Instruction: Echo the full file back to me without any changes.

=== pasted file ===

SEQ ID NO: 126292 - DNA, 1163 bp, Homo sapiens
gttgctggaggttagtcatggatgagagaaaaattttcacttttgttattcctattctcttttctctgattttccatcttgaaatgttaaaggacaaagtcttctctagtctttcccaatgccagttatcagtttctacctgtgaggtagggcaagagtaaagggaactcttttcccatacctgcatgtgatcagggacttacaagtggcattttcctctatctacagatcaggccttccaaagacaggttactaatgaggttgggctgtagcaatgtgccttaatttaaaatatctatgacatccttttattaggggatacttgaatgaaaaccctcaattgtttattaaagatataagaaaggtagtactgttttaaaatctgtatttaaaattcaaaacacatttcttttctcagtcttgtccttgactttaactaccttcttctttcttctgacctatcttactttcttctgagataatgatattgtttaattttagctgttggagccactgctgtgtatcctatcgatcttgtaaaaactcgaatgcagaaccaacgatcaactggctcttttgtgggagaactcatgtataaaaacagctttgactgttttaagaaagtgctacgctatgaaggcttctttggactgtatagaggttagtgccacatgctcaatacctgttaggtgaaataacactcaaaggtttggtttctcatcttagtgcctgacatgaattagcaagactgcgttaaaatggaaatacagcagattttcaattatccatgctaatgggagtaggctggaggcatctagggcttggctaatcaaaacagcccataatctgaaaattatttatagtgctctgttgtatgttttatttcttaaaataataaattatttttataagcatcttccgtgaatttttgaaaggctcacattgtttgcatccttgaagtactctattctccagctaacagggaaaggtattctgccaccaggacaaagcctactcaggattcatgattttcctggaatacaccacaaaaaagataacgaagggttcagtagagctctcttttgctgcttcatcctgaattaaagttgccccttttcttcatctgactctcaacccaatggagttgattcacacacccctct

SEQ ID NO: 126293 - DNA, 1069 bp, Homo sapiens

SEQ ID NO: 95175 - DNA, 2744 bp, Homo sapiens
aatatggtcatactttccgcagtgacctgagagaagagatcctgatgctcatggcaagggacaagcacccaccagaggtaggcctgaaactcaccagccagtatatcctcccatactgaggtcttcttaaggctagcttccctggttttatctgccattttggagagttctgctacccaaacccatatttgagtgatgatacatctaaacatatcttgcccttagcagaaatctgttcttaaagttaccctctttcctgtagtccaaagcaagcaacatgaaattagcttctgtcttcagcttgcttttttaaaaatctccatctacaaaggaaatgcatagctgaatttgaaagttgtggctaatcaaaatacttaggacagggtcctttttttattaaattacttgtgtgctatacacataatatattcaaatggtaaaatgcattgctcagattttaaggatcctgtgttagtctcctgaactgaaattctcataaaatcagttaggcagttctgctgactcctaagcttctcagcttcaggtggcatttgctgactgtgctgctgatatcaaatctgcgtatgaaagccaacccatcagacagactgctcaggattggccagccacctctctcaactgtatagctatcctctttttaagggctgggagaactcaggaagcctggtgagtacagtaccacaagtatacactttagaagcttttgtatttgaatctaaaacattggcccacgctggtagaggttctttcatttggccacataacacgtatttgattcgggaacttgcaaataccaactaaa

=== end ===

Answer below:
SEQ ID NO: 126292 - DNA, 1163 bp, Homo sapiens
gttgctggaggttagtcatggatgagagaaaaattttcacttttgttattcctattctcttttctctgattttccatcttgaaatgttaaaggacaaagtcttctctagtctttcccaatgccagttatcagtttctacctgtgaggtagggcaagagtaaagggaactcttttcccatacctgcatgtgatcagggacttacaagtggcattttcctctatctacagatcaggccttccaaagacaggttactaatgaggttgggctgtagcaatgtgccttaatttaaaatatctatgacatccttttattaggggatacttgaatgaaaaccctcaattgtttattaaagatataagaaaggtagtactgttttaaaatctgtatttaaaattcaaaacacatttcttttctcagtcttgtccttgactttaactaccttcttctttcttctgacctatcttactttcttctgagataatgatattgtttaattttagctgttggagccactgctgtgtatcctatcgatcttgtaaaaactcgaatgcagaaccaacgatcaactggctcttttgtgggagaactcatgtataaaaacagctttgactgttttaagaaagtgctacgctatgaaggcttctttggactgtatagaggttagtgccacatgctcaatacctgttaggtgaaataacactcaaaggtttggtttctcatcttagtgcctgacatgaattagcaagactgcgttaaaatggaaatacagcagattttcaattatccatgctaatgggagtaggctggaggcatctagggcttggctaatcaaaacagcccataatctgaaaattatttatagtgctctgttgtatgttttatttcttaaaataataaattatttttataagcatcttccgtgaatttttgaaaggctcacattgtttgcatccttgaagtactctattctccagctaacagggaaaggtattctgccaccaggacaaagcctactcaggattcatgattttcctggaatacaccacaaaaaagataacgaagggttcagtagagctctcttttgctgcttcatcctgaattaaagttgccccttttcttcatctgactctcaacccaatggagttgattcacacacccctct

SEQ ID NO: 126293 - DNA, 1069 bp, Homo sapiens

SEQ ID NO: 95175 - DNA, 2744 bp, Homo sapiens
aatatggtcatactttccgcagtgacctgagagaagagatcctgatgctcatggcaagggacaagcacccaccagaggtaggcctgaaactcaccagccagtatatcctcccatactgaggtcttcttaaggctagcttccctggttttatctgccattttggagagttctgctacccaaacccatatttgagtgatgatacatctaaacatatcttgcccttagcagaaatctgttcttaaagttaccctctttcctgtagtccaaagcaagcaacatgaaattagcttctgtcttcagcttgcttttttaaaaatctccatctacaaaggaaatgcatagctgaatttgaaagttgtggctaatcaaaatacttaggacagggtcctttttttattaaattacttgtgtgctatacacataatatattcaaatggtaaaatgcattgctcagattttaaggatcctgtgttagtctcctgaactgaaattctcataaaatcagttaggcagttctgctgactcctaagcttctcagcttcaggtggcatttgctgactgtgctgctgatatcaaatctgcgtatgaaagccaacccatcagacagactgctcaggattggccagccacctctctcaactgtatagctatcctctttttaagggctgggagaactcaggaagcctggtgagtacagtaccacaagtatacactttagaagcttttgtatttgaatctaaaacattggcccacgctggtagaggttctttcatttggccacataacacgtatttgattcgggaacttgcaaataccaactaaa